While the dog was out, things heated up. Half a dozen, again over to my right, but slightly lower, gave the game away by their chattering. Another solitary shot — I was too slow to take a second one — brought a female mallard down more or less at my feet. As I lifted that bird I heard the springer snort, then her shadowy outline rose over a slight hump on the merse. When she drew closer I saw that it was another hen mallard that dangled from her mouth.

By then it was dark enough for me to go out and kneel on the side of the pool where the spaniel had picked up her duck. As well as being a bit closer to the flightline, I was directly facing the last rays of light. This gave me the slight edge of being able to spot incoming duck a split second sooner. Next to come by was a mallard that was identified from its gentle call as a drake. He swung round sharply, cupped his wings, lowered his landing gear and came down into the flash.

I stood up to take the shot, and the mallard propelled himself off the water. One of the few drawbacks of wildfowling is that there is seldom anyone around to witness a spectacular piece of shooting. There was a major benefit on that occasion, though, as thankfully only the dog witnessed me fluff that easy target completely. The frightened but otherwise unharmed drake made a very sharp exit, leaving behind an embarrassed gunner.

Five minutes later, after a hen mallard had swooped over from behind, honour was restored and Kara dolphined out into the water for the retrieve. The right barrel was reloaded and the duck was placed on the grass at my side.

In a pale chink of sky, yet another singleton appeared past the far side of the pool, and I fired instinctively before it vanished into darkness. Had I heard a bump or was it just wishful thinking? The spaniel seemed very confident that something had come down and was sent out to investigate. She splashed and splattered her way over, and after a bit of toing and froing on the saltings, she came back in with the second drake mallard of the evening.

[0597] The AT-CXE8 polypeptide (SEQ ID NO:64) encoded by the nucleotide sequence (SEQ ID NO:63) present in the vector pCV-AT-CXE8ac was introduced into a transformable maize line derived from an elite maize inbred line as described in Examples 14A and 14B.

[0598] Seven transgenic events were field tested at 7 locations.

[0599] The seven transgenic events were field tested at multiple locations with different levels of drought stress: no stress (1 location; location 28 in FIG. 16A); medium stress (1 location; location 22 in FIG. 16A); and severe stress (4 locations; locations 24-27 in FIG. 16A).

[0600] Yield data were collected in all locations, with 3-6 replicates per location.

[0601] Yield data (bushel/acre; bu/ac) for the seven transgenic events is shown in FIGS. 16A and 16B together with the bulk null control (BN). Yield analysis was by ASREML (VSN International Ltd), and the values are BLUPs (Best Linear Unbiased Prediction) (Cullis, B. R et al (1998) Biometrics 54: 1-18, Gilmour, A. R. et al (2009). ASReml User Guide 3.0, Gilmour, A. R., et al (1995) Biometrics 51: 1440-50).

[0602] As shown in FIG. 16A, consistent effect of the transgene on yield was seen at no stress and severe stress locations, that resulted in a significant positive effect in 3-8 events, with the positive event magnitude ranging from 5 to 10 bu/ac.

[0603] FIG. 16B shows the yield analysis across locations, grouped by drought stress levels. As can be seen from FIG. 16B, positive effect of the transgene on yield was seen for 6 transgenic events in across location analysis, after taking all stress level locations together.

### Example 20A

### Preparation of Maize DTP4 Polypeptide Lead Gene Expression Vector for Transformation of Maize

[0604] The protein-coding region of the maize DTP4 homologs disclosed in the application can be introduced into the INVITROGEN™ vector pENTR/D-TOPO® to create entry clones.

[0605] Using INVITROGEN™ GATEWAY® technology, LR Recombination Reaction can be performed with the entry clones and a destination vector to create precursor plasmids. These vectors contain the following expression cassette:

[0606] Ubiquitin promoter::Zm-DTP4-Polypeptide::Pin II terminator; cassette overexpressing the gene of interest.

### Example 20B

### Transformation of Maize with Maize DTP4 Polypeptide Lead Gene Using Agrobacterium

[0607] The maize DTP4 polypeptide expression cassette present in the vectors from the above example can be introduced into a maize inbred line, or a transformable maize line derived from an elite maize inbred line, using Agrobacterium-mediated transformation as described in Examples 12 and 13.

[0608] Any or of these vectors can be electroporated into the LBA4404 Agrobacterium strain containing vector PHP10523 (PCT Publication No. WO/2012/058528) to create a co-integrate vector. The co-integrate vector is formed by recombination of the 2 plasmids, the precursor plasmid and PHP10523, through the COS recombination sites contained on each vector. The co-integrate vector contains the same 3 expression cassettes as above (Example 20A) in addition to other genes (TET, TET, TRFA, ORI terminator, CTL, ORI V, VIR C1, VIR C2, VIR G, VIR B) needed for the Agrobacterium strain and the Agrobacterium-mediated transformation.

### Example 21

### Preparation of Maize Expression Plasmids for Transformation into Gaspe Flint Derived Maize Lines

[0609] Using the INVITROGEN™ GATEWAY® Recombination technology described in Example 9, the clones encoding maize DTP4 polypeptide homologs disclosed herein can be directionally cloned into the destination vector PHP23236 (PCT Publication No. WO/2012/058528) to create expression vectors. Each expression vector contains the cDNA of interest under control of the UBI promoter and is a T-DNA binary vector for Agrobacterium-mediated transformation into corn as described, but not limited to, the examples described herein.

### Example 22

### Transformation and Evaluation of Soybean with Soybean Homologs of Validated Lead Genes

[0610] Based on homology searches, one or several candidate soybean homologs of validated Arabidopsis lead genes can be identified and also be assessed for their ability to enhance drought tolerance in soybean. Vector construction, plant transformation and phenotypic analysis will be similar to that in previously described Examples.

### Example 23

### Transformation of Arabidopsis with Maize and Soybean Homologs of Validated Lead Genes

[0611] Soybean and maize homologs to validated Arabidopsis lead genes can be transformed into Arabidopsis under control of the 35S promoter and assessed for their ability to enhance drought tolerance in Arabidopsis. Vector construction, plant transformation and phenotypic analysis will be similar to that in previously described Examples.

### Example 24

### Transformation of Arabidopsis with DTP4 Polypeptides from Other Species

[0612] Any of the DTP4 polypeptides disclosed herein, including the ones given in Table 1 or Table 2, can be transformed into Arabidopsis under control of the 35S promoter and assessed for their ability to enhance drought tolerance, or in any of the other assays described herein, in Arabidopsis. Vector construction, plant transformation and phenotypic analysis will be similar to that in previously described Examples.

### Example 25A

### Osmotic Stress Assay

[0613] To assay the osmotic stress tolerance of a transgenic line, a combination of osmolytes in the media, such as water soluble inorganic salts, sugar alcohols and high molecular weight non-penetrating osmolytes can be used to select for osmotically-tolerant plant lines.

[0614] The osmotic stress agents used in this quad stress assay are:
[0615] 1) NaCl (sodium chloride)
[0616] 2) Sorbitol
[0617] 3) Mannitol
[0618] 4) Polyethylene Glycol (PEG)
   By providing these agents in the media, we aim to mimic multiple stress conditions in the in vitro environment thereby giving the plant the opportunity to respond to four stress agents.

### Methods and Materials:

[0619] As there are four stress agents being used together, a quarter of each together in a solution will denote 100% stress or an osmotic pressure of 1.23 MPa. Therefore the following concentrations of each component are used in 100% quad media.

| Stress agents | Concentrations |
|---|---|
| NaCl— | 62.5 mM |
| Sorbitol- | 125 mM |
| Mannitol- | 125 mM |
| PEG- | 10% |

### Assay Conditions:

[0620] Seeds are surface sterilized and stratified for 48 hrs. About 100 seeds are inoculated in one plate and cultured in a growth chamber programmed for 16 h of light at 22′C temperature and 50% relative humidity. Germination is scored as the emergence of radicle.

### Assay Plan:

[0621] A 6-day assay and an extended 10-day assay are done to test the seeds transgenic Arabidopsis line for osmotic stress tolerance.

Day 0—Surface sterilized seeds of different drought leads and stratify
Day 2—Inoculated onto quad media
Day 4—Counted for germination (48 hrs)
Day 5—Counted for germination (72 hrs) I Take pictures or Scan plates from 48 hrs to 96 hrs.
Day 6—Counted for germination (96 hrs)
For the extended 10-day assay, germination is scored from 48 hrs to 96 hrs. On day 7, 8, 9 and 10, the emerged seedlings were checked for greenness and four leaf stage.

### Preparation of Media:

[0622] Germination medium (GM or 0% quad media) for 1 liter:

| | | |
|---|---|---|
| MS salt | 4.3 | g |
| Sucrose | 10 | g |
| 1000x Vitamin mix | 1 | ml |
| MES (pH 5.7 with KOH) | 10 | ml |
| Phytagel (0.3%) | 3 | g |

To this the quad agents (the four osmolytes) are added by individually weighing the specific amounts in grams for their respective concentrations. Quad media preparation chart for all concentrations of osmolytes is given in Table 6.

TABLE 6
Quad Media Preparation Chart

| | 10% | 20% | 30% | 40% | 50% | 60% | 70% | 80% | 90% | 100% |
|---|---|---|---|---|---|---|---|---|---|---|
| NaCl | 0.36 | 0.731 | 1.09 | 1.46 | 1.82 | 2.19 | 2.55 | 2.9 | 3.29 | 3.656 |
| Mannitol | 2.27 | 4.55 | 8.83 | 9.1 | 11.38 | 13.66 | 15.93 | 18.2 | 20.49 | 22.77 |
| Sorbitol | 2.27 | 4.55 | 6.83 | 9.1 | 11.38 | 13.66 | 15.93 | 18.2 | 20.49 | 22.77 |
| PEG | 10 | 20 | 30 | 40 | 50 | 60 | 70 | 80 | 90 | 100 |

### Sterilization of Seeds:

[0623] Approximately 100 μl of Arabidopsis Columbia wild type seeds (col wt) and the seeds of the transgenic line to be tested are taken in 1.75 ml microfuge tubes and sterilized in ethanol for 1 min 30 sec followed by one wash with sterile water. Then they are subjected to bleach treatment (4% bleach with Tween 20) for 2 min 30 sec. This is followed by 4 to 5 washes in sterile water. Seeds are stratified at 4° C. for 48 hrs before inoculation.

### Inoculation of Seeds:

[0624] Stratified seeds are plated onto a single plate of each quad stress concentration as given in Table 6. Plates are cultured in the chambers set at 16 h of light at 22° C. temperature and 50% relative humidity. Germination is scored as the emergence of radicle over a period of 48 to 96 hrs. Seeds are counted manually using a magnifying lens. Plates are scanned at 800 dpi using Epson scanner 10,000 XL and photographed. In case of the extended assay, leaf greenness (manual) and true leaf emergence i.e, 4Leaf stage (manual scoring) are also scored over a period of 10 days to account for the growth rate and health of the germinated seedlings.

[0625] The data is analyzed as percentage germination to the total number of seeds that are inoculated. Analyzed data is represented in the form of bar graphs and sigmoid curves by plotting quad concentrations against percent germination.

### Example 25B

Though teal also pass through that fleet from time to time, not a single hint of one, apart from the false alarm, was seen or heard that evening. This was an observation, not a complaint, for I had just experienced the best mallard flight I had ever had on those saltings. There was enough duck for several tasty meals, so after everything was stowed away, I used the cover of the stream bed to head towards the back of the merse. As I probed the water carefully with my wading stick, the whistle of swiftly beating pinions drifted down from shadowy wine bottle shapes that swept overhead. Stuttering quacks and sometimes a splash or two echoed out, as duck pitched down in the flashes nearer the tideway.

On approaching the floodbank, I stopped to take a breather and pondered over who had enjoyed that productive evening the most. A glance down at Kara gave the answer — her hips snaked like an enthusiastic belly dancer. There was only one other important question on my mind. Would there be enough light from the street lamps to pick some of the parasol mushrooms growing on the outskirts of the village?